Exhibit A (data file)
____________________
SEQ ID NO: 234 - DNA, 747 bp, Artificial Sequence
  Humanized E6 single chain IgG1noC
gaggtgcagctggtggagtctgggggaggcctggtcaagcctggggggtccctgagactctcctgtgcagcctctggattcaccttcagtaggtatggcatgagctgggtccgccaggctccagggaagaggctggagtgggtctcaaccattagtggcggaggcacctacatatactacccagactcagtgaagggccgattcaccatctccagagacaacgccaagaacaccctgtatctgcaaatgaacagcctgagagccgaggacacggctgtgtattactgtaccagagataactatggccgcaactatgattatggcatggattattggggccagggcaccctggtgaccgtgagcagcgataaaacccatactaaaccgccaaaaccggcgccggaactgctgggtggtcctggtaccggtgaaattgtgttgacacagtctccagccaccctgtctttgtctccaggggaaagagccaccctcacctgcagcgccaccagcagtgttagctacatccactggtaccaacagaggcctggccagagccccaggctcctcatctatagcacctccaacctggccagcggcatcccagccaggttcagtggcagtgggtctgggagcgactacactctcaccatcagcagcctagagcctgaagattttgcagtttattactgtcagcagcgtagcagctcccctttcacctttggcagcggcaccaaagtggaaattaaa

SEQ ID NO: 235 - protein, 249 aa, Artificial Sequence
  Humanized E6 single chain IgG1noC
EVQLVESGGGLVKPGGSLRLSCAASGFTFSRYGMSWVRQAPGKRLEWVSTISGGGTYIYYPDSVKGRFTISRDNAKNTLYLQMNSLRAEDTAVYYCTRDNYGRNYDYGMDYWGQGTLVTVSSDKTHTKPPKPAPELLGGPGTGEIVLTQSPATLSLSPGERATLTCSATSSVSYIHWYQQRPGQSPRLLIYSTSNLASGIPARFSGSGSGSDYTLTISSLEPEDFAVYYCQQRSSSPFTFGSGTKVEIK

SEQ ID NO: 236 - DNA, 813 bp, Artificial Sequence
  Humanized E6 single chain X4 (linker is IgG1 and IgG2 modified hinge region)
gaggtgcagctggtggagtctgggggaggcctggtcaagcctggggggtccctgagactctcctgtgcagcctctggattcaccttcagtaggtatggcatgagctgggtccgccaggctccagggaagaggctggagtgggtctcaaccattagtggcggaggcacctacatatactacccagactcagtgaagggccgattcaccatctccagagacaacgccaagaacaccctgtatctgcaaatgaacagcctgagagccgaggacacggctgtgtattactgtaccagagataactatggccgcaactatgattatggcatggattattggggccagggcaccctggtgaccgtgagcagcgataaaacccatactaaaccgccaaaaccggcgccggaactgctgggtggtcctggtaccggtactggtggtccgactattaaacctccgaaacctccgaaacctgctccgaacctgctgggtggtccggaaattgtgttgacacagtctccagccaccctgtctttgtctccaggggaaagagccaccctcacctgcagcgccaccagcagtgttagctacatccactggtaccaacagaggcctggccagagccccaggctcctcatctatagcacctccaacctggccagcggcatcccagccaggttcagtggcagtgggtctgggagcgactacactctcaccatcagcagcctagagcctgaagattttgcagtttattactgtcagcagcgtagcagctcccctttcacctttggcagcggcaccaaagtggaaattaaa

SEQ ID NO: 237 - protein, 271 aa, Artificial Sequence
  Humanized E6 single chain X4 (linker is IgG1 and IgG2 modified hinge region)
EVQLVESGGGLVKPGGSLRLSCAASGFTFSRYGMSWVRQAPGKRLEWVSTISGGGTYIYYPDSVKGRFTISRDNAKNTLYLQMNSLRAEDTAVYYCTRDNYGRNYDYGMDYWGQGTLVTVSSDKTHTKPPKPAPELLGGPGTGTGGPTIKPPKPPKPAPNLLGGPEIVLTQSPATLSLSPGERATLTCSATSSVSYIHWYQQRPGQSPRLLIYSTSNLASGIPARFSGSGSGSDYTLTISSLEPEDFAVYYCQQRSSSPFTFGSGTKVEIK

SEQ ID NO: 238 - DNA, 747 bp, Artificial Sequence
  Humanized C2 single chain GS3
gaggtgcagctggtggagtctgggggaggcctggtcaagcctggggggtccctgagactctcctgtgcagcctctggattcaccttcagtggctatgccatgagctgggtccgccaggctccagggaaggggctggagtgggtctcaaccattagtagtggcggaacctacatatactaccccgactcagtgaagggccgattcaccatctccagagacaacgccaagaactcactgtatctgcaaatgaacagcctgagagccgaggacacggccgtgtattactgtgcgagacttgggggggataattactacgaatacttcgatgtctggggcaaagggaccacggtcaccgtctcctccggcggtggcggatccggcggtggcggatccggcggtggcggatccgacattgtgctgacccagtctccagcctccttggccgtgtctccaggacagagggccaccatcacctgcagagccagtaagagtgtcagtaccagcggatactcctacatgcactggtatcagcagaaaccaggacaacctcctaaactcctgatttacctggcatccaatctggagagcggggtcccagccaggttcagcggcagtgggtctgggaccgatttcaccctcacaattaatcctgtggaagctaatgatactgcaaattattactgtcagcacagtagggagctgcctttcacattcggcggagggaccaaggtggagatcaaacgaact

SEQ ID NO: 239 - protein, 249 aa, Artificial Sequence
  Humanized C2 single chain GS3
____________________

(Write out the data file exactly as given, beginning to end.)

SEQ ID NO: 234 - DNA, 747 bp, Artificial Sequence
  Humanized E6 single chain IgG1noC
gaggtgcagctggtggagtctgggggaggcctggtcaagcctggggggtccctgagactctcctgtgcagcctctggattcaccttcagtaggtatggcatgagctgggtccgccaggctccagggaagaggctggagtgggtctcaaccattagtggcggaggcacctacatatactacccagactcagtgaagggccgattcaccatctccagagacaacgccaagaacaccctgtatctgcaaatgaacagcctgagagccgaggacacggctgtgtattactgtaccagagataactatggccgcaactatgattatggcatggattattggggccagggcaccctggtgaccgtgagcagcgataaaacccatactaaaccgccaaaaccggcgccggaactgctgggtggtcctggtaccggtgaaattgtgttgacacagtctccagccaccctgtctttgtctccaggggaaagagccaccctcacctgcagcgccaccagcagtgttagctacatccactggtaccaacagaggcctggccagagccccaggctcctcatctatagcacctccaacctggccagcggcatcccagccaggttcagtggcagtgggtctgggagcgactacactctcaccatcagcagcctagagcctgaagattttgcagtttattactgtcagcagcgtagcagctcccctttcacctttggcagcggcaccaaagtggaaattaaa

SEQ ID NO: 235 - protein, 249 aa, Artificial Sequence
  Humanized E6 single chain IgG1noC
EVQLVESGGGLVKPGGSLRLSCAASGFTFSRYGMSWVRQAPGKRLEWVSTISGGGTYIYYPDSVKGRFTISRDNAKNTLYLQMNSLRAEDTAVYYCTRDNYGRNYDYGMDYWGQGTLVTVSSDKTHTKPPKPAPELLGGPGTGEIVLTQSPATLSLSPGERATLTCSATSSVSYIHWYQQRPGQSPRLLIYSTSNLASGIPARFSGSGSGSDYTLTISSLEPEDFAVYYCQQRSSSPFTFGSGTKVEIK

SEQ ID NO: 236 - DNA, 813 bp, Artificial Sequence
  Humanized E6 single chain X4 (linker is IgG1 and IgG2 modified hinge region)
gaggtgcagctggtggagtctgggggaggcctggtcaagcctggggggtccctgagactctcctgtgcagcctctggattcaccttcagtaggtatggcatgagctgggtccgccaggctccagggaagaggctggagtgggtctcaaccattagtggcggaggcacctacatatactacccagactcagtgaagggccgattcaccatctccagagacaacgccaagaacaccctgtatctgcaaatgaacagcctgagagccgaggacacggctgtgtattactgtaccagagataactatggccgcaactatgattatggcatggattattggggccagggcaccctggtgaccgtgagcagcgataaaacccatactaaaccgccaaaaccggcgccggaactgctgggtggtcctggtaccggtactggtggtccgactattaaacctccgaaacctccgaaacctgctccgaacctgctgggtggtccggaaattgtgttgacacagtctccagccaccctgtctttgtctccaggggaaagagccaccctcacctgcagcgccaccagcagtgttagctacatccactggtaccaacagaggcctggccagagccccaggctcctcatctatagcacctccaacctggccagcggcatcccagccaggttcagtggcagtgggtctgggagcgactacactctcaccatcagcagcctagagcctgaagattttgcagtttattactgtcagcagcgtagcagctcccctttcacctttggcagcggcaccaaagtggaaattaaa

SEQ ID NO: 237 - protein, 271 aa, Artificial Sequence
  Humanized E6 single chain X4 (linker is IgG1 and IgG2 modified hinge region)
EVQLVESGGGLVKPGGSLRLSCAASGFTFSRYGMSWVRQAPGKRLEWVSTISGGGTYIYYPDSVKGRFTISRDNAKNTLYLQMNSLRAEDTAVYYCTRDNYGRNYDYGMDYWGQGTLVTVSSDKTHTKPPKPAPELLGGPGTGTGGPTIKPPKPPKPAPNLLGGPEIVLTQSPATLSLSPGERATLTCSATSSVSYIHWYQQRPGQSPRLLIYSTSNLASGIPARFSGSGSGSDYTLTISSLEPEDFAVYYCQQRSSSPFTFGSGTKVEIK

SEQ ID NO: 238 - DNA, 747 bp, Artificial Sequence
  Humanized C2 single chain GS3
gaggtgcagctggtggagtctgggggaggcctggtcaagcctggggggtccctgagactctcctgtgcagcctctggattcaccttcagtggctatgccatgagctgggtccgccaggctccagggaaggggctggagtgggtctcaaccattagtagtggcggaacctacatatactaccccgactcagtgaagggccgattcaccatctccagagacaacgccaagaactcactgtatctgcaaatgaacagcctgagagccgaggacacggccgtgtattactgtgcgagacttgggggggataattactacgaatacttcgatgtctggggcaaagggaccacggtcaccgtctcctccggcggtggcggatccggcggtggcggatccggcggtggcggatccgacattgtgctgacccagtctccagcctccttggccgtgtctccaggacagagggccaccatcacctgcagagccagtaagagtgtcagtaccagcggatactcctacatgcactggtatcagcagaaaccaggacaacctcctaaactcctgatttacctggcatccaatctggagagcggggtcccagccaggttcagcggcagtgggtctgggaccgatttcaccctcacaattaatcctgtggaagctaatgatactgcaaattattactgtcagcacagtagggagctgcctttcacattcggcggagggaccaaggtggagatcaaacgaact

SEQ ID NO: 239 - protein, 249 aa, Artificial Sequence
  Humanized C2 single chain GS3